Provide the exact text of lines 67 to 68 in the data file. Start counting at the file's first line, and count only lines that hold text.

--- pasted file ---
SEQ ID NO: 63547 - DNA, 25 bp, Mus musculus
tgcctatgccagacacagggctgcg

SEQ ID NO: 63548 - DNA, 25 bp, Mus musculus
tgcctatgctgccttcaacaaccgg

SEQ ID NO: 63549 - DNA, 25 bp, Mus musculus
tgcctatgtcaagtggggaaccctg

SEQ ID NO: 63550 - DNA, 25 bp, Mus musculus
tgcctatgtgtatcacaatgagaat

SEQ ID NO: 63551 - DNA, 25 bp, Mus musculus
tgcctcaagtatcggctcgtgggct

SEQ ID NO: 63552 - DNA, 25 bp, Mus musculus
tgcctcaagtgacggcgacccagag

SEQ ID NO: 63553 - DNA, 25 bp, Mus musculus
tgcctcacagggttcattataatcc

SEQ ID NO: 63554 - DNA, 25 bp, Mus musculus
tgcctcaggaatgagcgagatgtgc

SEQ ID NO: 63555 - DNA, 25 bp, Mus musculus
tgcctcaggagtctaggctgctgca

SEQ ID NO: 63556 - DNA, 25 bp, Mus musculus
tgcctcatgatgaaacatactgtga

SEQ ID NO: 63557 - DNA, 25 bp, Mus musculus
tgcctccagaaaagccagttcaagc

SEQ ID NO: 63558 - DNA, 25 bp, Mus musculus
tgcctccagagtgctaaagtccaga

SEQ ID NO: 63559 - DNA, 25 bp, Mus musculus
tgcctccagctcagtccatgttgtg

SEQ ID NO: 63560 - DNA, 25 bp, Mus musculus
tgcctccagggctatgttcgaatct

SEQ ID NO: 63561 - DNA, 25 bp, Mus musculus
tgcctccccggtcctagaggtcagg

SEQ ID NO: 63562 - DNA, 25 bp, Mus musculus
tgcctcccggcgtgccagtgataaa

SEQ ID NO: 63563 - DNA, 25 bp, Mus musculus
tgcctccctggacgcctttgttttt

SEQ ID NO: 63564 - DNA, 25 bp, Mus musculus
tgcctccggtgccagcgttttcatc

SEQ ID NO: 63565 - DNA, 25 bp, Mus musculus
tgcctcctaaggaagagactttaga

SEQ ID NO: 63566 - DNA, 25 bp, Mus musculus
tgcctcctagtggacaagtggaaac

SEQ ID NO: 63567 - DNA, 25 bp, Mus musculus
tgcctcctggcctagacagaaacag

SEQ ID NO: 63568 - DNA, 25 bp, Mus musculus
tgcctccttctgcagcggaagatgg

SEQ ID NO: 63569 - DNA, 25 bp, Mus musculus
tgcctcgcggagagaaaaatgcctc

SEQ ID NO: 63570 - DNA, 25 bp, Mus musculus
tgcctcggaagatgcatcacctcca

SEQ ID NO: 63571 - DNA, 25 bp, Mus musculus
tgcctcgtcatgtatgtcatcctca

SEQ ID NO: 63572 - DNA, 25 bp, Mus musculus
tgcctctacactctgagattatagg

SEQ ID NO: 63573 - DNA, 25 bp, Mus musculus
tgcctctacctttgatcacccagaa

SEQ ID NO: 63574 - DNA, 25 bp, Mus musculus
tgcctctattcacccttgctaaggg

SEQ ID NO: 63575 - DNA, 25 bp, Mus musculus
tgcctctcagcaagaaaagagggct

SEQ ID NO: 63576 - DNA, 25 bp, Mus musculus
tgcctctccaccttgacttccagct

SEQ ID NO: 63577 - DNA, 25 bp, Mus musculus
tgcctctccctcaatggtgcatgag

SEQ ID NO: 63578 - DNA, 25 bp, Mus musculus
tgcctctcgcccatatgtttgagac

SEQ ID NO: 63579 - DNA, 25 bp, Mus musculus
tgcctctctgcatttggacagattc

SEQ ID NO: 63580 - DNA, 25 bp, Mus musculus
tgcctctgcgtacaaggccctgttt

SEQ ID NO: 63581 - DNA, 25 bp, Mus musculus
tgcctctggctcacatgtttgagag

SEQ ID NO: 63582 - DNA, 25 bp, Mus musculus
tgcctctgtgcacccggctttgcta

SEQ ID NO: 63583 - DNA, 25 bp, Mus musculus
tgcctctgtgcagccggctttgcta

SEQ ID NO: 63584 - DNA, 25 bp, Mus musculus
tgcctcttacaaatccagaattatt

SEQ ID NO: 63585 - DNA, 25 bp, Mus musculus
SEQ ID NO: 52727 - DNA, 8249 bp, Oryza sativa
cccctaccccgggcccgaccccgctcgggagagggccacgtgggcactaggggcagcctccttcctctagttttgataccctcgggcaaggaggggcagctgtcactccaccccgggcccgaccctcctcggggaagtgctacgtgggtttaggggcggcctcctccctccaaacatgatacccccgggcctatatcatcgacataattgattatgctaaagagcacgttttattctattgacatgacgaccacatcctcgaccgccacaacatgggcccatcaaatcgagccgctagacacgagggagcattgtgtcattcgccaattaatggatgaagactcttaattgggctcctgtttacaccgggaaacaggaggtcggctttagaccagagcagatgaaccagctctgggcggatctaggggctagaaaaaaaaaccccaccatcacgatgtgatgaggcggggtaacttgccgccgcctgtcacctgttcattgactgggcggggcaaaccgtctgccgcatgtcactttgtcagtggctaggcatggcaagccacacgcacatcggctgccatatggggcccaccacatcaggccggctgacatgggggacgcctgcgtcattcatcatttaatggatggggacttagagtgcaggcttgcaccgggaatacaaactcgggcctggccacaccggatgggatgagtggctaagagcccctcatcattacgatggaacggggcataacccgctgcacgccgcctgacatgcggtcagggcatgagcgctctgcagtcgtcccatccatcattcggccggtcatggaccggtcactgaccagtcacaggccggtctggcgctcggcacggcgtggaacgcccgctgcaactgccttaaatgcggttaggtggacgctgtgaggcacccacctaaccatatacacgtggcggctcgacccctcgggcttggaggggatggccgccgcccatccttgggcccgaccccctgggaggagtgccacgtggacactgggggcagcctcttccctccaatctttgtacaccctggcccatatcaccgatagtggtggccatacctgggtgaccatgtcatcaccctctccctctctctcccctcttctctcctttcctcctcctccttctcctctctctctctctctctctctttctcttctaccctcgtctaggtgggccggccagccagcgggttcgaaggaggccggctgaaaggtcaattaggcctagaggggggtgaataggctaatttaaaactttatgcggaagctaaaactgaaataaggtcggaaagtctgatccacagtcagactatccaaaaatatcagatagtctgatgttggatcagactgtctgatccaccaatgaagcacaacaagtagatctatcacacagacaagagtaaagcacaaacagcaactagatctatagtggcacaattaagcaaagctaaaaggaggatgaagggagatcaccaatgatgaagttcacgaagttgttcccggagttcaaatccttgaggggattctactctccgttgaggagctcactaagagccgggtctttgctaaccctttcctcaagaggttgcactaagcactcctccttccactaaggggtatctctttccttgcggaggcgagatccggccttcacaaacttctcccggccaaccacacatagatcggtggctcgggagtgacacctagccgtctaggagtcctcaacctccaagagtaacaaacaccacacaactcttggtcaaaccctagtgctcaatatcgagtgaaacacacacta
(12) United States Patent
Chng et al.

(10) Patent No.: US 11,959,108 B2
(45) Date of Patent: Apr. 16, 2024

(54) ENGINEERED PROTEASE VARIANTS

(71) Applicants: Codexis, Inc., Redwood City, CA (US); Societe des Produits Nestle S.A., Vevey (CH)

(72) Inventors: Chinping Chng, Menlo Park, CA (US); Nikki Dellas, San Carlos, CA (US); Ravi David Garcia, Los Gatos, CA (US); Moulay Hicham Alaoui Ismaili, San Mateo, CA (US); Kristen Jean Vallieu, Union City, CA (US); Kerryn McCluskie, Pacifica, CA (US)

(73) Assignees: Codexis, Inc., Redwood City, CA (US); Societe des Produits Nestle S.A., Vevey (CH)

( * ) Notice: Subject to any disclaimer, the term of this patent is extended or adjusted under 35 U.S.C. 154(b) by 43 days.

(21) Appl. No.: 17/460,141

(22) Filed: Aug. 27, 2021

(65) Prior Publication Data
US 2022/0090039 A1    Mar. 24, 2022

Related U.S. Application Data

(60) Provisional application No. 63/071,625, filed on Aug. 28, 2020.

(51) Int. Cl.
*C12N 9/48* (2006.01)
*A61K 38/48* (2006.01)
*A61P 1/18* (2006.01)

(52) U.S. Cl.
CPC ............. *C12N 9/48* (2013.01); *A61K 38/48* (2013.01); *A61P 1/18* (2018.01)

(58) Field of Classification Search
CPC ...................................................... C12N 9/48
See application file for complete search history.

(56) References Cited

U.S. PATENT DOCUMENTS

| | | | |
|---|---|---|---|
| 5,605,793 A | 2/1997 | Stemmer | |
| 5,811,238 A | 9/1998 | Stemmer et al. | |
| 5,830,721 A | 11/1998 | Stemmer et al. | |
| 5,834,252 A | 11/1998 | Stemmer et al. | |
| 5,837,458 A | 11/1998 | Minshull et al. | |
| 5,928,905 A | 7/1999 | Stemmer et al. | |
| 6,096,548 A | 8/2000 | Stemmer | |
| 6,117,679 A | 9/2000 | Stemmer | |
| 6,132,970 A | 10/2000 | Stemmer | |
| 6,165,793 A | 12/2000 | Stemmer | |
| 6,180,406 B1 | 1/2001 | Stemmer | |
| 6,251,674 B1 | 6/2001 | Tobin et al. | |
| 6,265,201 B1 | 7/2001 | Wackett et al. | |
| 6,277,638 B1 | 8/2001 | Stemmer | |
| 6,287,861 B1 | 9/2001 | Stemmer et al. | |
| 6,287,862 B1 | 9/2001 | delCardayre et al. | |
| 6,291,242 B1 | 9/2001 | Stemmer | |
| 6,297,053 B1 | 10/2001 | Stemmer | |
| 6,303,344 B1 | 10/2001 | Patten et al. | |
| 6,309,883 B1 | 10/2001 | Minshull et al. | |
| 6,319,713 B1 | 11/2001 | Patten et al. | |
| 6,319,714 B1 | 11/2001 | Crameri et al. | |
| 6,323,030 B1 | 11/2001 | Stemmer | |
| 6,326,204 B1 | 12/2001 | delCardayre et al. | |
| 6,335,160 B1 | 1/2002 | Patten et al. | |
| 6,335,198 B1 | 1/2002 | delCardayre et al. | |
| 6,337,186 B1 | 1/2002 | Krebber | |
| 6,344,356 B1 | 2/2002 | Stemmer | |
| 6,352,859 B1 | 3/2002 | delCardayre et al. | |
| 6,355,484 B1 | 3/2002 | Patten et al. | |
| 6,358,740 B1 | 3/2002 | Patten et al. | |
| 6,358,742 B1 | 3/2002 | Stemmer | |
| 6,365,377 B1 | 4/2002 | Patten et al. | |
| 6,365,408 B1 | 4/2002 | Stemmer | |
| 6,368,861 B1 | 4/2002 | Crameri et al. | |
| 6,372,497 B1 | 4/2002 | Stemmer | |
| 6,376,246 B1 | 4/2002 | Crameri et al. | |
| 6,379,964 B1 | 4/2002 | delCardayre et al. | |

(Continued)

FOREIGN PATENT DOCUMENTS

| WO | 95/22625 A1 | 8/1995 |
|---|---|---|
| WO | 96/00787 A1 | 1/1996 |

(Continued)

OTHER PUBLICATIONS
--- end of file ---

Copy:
SEQ ID NO: 63580 - DNA, 25 bp, Mus musculus
tgcctctgcgtacaaggccctgttt